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Remember that cellulosic ethanol deal between GM and Coskata? Or the one between GM and Mascoma? Those are a couple years old at this point and haven't exactly set the ethanol markets on fire, but that doesn't mean that the idea of an automaker and a next-gen biofuel company working together isn't passé. Want proof? See a new announcement from Chrysler and ZeaChem to accelerate the development of cellulosic ethanol and spiff up the automaker's green credentials.

The two firms signed a memorandum of understanding to "strengthen the credibility" of ethanol made from non-food sources. Terms of the deal call for Chrysler to push the case for cellulosic ethanol with regulators, while ZeaChem will focus on refining its process that uses microbes to convert woody biomass into ethanol. There also seems to be a possibility that Chrysler will buy cellulosic ethanol from ZeaChem.

ZeaChem is currently constructing a demonstration facility in Oregon. ZeaChem says that, beginning this fall, the site will convert wood chips and wheat straw into ethanol. ZeaChem's grand plan is to secure government funding for the construction of commercial-scale facility in Oregon. That's where Chrysler's connections come in to play.
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Chrysler Group LLC and ZeaChem Inc. Announce Memorandum of Understanding to Speed Production and Use of Advanced Cellulosic Ethanol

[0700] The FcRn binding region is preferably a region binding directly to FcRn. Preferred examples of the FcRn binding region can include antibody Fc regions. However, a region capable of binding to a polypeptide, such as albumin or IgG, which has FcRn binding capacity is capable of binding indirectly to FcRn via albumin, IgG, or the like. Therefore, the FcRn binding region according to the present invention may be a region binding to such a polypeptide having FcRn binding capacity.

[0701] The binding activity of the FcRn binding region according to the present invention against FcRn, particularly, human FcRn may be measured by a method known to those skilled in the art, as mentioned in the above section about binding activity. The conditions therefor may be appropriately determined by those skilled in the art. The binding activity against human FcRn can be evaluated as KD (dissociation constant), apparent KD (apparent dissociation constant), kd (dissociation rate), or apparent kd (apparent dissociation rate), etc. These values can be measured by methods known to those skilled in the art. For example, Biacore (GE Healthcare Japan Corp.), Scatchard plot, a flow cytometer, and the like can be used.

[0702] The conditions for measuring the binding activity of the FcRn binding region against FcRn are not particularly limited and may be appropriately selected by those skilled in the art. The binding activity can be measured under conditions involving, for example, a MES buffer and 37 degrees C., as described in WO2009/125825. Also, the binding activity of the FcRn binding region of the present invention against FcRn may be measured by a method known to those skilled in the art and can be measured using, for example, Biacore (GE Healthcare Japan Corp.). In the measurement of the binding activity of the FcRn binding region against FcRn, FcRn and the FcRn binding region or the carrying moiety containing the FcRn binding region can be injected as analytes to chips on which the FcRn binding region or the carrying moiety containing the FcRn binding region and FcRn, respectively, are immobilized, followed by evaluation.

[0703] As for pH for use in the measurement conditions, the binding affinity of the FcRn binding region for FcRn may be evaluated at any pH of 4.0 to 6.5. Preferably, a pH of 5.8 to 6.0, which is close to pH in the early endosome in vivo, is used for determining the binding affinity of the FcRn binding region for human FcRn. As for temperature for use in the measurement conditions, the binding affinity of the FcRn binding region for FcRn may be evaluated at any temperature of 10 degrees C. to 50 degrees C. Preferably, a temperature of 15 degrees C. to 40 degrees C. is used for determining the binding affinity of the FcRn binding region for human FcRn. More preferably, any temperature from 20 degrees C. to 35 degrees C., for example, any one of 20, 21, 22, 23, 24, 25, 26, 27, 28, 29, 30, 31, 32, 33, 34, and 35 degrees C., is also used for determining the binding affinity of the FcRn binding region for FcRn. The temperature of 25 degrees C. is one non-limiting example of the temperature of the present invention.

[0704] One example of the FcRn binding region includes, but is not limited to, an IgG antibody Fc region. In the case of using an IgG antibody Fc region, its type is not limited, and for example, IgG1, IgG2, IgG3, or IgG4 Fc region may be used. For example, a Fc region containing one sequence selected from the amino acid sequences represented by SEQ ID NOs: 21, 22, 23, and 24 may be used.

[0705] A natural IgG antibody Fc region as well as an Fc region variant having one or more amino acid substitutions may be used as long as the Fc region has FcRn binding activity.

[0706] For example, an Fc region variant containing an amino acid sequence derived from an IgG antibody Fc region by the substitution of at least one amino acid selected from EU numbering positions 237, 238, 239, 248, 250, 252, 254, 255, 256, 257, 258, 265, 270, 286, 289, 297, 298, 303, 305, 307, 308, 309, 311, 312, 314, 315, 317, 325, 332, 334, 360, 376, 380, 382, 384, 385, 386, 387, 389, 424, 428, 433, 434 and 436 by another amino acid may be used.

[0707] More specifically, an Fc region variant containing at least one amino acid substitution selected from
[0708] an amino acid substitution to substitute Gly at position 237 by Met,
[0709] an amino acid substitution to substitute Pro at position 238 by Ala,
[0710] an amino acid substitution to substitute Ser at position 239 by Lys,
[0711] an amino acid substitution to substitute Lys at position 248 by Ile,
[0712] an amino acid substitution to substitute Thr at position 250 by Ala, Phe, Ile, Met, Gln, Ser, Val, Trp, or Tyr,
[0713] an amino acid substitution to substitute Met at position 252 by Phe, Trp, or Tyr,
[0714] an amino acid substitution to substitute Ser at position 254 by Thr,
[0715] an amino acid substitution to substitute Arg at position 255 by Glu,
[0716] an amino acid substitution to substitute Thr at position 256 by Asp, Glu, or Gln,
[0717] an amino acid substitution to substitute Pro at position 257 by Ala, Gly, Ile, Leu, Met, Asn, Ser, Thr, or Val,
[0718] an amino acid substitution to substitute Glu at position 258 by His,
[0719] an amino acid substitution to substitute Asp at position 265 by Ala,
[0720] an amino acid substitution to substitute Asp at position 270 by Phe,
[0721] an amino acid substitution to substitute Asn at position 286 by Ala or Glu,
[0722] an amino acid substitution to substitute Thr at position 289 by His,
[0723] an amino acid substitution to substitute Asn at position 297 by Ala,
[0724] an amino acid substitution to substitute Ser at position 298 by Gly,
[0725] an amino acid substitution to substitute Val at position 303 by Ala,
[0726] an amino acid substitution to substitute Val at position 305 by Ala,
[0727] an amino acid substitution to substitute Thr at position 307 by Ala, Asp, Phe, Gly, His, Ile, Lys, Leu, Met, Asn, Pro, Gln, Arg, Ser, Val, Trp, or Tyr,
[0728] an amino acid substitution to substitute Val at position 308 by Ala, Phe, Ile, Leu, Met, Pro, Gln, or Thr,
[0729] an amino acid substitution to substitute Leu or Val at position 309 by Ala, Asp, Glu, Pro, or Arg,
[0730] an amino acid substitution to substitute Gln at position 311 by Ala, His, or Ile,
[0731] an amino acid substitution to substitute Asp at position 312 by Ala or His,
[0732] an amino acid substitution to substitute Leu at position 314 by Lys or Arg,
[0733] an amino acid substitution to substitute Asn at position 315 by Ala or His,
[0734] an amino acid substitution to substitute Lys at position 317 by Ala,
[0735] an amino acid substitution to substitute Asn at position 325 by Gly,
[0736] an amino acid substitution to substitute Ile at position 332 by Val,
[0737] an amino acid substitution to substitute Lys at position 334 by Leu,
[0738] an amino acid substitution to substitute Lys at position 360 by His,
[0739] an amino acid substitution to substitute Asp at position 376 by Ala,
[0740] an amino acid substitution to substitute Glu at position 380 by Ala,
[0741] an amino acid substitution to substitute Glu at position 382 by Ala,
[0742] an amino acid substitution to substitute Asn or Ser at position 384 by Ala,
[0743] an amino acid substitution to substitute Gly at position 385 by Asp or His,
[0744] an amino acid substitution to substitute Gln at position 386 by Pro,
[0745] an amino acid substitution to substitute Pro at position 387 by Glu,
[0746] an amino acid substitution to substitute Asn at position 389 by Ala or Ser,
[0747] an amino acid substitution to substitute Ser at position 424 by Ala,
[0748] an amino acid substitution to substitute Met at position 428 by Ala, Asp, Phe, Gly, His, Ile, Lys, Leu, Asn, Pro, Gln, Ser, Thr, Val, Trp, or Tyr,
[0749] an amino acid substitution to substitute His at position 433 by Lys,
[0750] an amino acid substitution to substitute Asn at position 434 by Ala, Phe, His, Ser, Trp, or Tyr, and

Strategic Alliance Will Use Non-Food Feedstocks for Production of Sustainable and Economical Alternative Fuels


LAKEWOOD, Colo. -- Chrysler Group LLC and ZeaChem Inc. today announced they have entered into a Memorandum of Understanding (MOU). The MOU initiates the formation of a strategic alliance to accelerate the development and market adoption of advanced cellulosic ethanol by bringing together a leading global auto manufacturer and an innovative bio-based fuels and chemicals production company.

The primary alliance goals are to strengthen the credibility among regulators and American consumers of cellulosic ethanol as a cost-effective green transportation alternative; move away from the "food for fuel debate;" provide a leadership role to bring cellulosic ethanol through the production value chain to the consumer market; and build awareness of the potential environmental advantages of high yield, low carbon cellulosic ethanol.

"Chrysler Group has long been committed to promoting the consumption of alternative fuels and to delivering flex-fuel vehicles to our customers," said Reg Modlin, director, regulatory affairs, Chrysler Group LLC.

"ZeaChem is at the forefront of advanced cellulosic ethanol production," said Jim Imbler, president and chief executive officer of ZeaChem. "Our process delivers a 40 percent higher yield in ethanol from non-food cellulosic feedstocks. Through strategic alliances we can fast-track the large-scale production of cellulosic ethanol. We look forward to collaborating with Chrysler Group to achieve our mutual goals and bring sustainable advanced cellulosic ethanol to consumers' vehicles."